Rummy is disingenuously pretending that she lies about her backstory to help the ladies of the Salvation Army, since the more dramatic stories are more compelling to the people offering donations. The irony (and hypocrisy) here lies in the fact that the Army has incentivized people to lie in order to get help and "embrace" salvation.

That's what's so unfair to us women. Your confessions is just as big lies as ours: you don't tell what you really done no more than us; but you men can tell your lies right out at the meetins and be made much of for it; while the sort o confessions we az to make az to be wispered to one lady at a time. It ain't right, spite of all their piety. (2.27)

Rummy puts her finger on the hypocrisy of the fact that the Army expects women to tell their sob stories to help the Army raise money/get converts, but they must be ashamed of those stories (and therefore whisper them). Hmm, kind of sounds like how people expect Undershaft to donate money as a display of shame for his own profession, no? If it's something worth doing, shouldn't you just own it and not be ashamed of it—and if it's wrong/something to be whispered about, shouldn't you just avoid doing it? This is the kind of hypocrisy that really gets Andrew riled up.

No: the Army is not to be bought. We want your soul, Bill; and we'll take nothing less. (2.365)

Barbara is being totally sincere, but the irony is that she's wrong—as events soon prove, the Army is to be bought—if the price is right. The problem is that he wasn't offering enough . . .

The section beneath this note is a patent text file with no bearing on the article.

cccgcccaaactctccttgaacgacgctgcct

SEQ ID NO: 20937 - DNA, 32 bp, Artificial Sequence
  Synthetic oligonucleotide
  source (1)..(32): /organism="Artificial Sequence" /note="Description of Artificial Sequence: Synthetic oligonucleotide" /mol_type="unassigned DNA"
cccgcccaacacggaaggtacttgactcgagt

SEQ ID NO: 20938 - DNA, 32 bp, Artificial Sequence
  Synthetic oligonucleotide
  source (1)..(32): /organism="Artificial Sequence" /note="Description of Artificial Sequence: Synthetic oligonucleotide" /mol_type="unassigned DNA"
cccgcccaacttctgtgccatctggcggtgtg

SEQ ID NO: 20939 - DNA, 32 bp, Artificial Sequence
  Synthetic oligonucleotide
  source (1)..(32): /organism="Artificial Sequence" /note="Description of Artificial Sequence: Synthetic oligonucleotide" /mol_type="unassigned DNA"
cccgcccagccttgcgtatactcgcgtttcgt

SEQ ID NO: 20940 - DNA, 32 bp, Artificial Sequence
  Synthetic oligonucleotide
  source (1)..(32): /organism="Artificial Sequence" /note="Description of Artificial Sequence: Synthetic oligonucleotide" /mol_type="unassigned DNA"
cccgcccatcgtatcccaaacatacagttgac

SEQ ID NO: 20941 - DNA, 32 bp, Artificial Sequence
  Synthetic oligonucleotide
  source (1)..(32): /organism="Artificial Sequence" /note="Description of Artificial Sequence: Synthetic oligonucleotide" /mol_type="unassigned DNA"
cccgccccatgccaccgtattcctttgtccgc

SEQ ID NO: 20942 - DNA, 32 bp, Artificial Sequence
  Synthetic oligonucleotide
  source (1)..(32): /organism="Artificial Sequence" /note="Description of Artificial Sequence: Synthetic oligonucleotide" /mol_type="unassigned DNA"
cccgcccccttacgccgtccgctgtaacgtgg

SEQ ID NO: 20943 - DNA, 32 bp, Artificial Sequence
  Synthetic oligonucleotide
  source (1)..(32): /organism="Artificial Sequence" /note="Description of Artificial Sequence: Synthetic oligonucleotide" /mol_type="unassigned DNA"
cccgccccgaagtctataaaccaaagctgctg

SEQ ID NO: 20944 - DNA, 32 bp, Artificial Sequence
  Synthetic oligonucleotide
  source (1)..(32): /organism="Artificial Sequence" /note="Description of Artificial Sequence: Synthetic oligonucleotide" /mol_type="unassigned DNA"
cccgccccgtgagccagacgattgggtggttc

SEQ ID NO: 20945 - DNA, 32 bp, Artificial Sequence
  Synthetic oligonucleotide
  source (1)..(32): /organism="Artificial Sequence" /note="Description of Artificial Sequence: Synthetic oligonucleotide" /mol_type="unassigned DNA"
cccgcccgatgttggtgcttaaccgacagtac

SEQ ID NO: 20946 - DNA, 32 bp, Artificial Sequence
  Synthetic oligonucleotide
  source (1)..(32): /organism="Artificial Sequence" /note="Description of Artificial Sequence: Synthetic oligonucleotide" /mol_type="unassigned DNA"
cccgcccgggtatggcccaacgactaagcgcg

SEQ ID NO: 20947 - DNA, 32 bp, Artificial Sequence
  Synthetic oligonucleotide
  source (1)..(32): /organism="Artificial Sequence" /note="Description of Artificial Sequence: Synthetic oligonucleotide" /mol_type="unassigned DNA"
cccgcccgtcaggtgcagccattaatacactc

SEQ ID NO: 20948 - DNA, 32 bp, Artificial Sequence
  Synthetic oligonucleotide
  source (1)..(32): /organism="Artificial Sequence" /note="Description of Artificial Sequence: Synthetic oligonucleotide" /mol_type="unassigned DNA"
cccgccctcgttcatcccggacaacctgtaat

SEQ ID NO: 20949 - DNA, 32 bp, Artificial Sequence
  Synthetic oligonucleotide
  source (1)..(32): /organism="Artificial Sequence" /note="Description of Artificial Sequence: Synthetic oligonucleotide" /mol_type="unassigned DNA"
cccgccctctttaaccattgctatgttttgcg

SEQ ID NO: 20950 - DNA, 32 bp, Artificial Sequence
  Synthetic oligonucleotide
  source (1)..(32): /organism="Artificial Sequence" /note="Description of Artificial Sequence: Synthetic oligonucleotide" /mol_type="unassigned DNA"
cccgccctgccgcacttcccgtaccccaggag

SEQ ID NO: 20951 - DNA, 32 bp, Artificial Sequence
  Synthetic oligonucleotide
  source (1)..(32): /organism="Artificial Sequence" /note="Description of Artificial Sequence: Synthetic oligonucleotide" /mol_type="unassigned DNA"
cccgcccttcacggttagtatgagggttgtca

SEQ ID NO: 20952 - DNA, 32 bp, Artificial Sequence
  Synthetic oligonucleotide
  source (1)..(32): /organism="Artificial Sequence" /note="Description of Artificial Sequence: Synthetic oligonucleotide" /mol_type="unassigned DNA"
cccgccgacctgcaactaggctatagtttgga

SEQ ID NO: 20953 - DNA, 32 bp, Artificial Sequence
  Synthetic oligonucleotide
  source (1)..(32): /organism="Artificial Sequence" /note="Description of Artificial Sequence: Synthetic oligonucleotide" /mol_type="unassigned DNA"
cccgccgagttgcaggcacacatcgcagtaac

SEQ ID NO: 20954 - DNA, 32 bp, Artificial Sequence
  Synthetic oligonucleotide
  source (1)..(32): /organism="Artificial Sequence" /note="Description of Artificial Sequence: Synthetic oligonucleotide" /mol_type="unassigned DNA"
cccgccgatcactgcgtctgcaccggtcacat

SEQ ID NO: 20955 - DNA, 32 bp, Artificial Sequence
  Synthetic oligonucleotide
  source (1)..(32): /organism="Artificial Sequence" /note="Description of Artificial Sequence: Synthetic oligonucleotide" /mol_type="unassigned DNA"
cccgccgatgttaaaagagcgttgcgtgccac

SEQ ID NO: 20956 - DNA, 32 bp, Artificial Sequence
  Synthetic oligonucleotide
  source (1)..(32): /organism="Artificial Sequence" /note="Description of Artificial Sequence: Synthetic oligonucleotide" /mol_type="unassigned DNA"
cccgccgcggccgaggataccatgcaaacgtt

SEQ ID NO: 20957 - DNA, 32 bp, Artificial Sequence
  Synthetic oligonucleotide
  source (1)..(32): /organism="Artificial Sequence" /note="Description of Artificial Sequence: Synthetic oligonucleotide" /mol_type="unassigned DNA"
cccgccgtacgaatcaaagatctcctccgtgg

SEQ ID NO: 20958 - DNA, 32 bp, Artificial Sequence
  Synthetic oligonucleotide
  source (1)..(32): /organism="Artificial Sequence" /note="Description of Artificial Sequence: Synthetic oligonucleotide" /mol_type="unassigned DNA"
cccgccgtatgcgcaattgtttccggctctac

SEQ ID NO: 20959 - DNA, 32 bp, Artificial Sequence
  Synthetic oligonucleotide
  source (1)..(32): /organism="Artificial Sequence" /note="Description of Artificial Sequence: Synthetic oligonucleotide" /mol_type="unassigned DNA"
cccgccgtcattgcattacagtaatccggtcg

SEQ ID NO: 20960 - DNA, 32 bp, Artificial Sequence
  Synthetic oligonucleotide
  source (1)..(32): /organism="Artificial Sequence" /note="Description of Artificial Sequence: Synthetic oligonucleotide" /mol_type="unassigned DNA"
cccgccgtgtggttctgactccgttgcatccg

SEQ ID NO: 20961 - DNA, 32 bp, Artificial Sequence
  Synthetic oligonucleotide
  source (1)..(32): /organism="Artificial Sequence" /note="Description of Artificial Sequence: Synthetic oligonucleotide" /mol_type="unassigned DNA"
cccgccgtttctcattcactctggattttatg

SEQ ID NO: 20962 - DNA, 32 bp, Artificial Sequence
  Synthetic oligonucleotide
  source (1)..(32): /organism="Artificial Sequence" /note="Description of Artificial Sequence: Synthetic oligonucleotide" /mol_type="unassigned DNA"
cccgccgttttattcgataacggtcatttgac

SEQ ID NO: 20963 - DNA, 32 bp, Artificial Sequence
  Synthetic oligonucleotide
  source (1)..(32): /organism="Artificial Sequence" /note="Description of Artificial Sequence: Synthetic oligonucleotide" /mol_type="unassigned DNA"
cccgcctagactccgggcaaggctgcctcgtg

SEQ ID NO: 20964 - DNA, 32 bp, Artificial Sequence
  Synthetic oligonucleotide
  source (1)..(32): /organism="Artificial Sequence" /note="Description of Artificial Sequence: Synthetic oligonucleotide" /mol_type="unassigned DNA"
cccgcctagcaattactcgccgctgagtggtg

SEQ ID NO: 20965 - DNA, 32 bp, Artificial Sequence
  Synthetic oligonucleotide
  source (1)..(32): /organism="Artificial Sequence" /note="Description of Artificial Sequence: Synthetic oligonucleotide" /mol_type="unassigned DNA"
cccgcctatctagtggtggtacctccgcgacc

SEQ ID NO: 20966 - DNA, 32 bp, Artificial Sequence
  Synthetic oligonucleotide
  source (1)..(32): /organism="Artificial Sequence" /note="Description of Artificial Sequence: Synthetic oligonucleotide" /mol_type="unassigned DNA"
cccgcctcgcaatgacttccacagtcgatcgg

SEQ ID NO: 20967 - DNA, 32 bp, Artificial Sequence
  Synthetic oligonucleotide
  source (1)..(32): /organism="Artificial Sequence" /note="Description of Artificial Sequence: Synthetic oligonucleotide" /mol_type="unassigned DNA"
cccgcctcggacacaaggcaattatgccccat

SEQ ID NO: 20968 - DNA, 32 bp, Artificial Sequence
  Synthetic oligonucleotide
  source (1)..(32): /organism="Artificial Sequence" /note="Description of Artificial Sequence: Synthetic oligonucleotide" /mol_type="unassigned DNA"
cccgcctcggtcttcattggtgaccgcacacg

Stop. [Undershaft stops writing: they all turn to her in surprise]. Mrs. Baines: are you really going to take this money? (2.411)

Barbara now realizes that the Army is for sale, as long as enough money is involved. Even though the Salvation Army's party line is that it can't be bought and its mission runs counter to Undershaft's business, they are accepting money from Andrew because it's a lot of money.

You lie, you dirty blackguard! Snobby Price pinched it off the drum when he took up his cap. I was up here all the time an see im do it. (2.463)

Despite having said he would donate the sovereign, Bill is super annoyed to see that Snobby Price has stolen it. Rummy, however, is all too pleased to break this bad news to the man who hit her in the face for no reason.

You know he will. Don't be a hypocrite, Barbara. He will be better fed, better housed, better clothed, better behaved; and his children will be pounds heavier and bigger. That will be better than an American cloth mattress in a shelter, chopping firewood, eating bread and treacle, and being forced to kneel down from time to time to thank heaven for it: knee drill, I think you call it. It is cheap work converting starving men with a Bible in one hand and a slice of bread in the other. I will undertake to convert West Ham to Mahometanism on the same terms. Try your hand on my men: their souls are hungry because their bodies are full. (3.318)

Undershaft seems to think that it's kind of hypocritical to claim a moral high ground in converting people when you're basically bribing them with food (i.e., not exactly tempting them just on the merits of Jesus).